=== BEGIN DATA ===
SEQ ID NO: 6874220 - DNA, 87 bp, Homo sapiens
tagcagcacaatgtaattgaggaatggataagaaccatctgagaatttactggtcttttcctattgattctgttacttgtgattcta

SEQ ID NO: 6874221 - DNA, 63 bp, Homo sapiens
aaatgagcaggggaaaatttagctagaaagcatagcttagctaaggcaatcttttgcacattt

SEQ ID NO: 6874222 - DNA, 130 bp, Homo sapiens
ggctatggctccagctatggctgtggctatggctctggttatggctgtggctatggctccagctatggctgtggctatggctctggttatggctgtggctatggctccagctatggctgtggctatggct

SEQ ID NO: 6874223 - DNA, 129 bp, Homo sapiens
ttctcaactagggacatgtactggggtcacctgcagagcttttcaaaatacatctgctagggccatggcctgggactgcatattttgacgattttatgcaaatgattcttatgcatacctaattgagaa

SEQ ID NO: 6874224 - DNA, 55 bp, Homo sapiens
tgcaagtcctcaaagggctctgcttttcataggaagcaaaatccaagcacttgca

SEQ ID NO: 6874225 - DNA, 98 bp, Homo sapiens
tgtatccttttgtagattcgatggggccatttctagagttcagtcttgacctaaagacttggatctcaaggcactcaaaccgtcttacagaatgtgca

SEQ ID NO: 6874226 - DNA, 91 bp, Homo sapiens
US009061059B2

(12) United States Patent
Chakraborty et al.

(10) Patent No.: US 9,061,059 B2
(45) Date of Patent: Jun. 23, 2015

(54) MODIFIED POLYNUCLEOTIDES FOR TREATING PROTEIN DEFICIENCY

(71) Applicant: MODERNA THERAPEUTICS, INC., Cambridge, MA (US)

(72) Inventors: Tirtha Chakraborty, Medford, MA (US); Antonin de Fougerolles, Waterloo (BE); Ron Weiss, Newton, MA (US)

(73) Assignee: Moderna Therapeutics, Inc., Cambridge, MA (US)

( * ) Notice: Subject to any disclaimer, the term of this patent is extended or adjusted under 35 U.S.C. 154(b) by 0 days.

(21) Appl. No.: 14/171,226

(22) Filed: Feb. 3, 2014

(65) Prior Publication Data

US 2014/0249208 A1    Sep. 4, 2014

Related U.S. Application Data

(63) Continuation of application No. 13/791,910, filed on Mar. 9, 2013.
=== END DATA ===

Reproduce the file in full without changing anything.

SEQ ID NO: 6874220 - DNA, 87 bp, Homo sapiens
tagcagcacaatgtaattgaggaatggataagaaccatctgagaatttactggtcttttcctattgattctgttacttgtgattcta

SEQ ID NO: 6874221 - DNA, 63 bp, Homo sapiens
aaatgagcaggggaaaatttagctagaaagcatagcttagctaaggcaatcttttgcacattt

SEQ ID NO: 6874222 - DNA, 130 bp, Homo sapiens
ggctatggctccagctatggctgtggctatggctctggttatggctgtggctatggctccagctatggctgtggctatggctctggttatggctgtggctatggctccagctatggctgtggctatggct

SEQ ID NO: 6874223 - DNA, 129 bp, Homo sapiens
ttctcaactagggacatgtactggggtcacctgcagagcttttcaaaatacatctgctagggccatggcctgggactgcatattttgacgattttatgcaaatgattcttatgcatacctaattgagaa

SEQ ID NO: 6874224 - DNA, 55 bp, Homo sapiens
tgcaagtcctcaaagggctctgcttttcataggaagcaaaatccaagcacttgca

SEQ ID NO: 6874225 - DNA, 98 bp, Homo sapiens
tgtatccttttgtagattcgatggggccatttctagagttcagtcttgacctaaagacttggatctcaaggcactcaaaccgtcttacagaatgtgca

SEQ ID NO: 6874226 - DNA, 91 bp, Homo sapiens
US009061059B2

(12) United States Patent
Chakraborty et al.

(10) Patent No.: US 9,061,059 B2
(45) Date of Patent: Jun. 23, 2015

(54) MODIFIED POLYNUCLEOTIDES FOR TREATING PROTEIN DEFICIENCY

(71) Applicant: MODERNA THERAPEUTICS, INC., Cambridge, MA (US)

(72) Inventors: Tirtha Chakraborty, Medford, MA (US); Antonin de Fougerolles, Waterloo (BE); Ron Weiss, Newton, MA (US)

(73) Assignee: Moderna Therapeutics, Inc., Cambridge, MA (US)

( * ) Notice: Subject to any disclaimer, the term of this patent is extended or adjusted under 35 U.S.C. 154(b) by 0 days.

(21) Appl. No.: 14/171,226

(22) Filed: Feb. 3, 2014

(65) Prior Publication Data

US 2014/0249208 A1    Sep. 4, 2014

Related U.S. Application Data

(63) Continuation of application No. 13/791,910, filed on Mar. 9, 2013.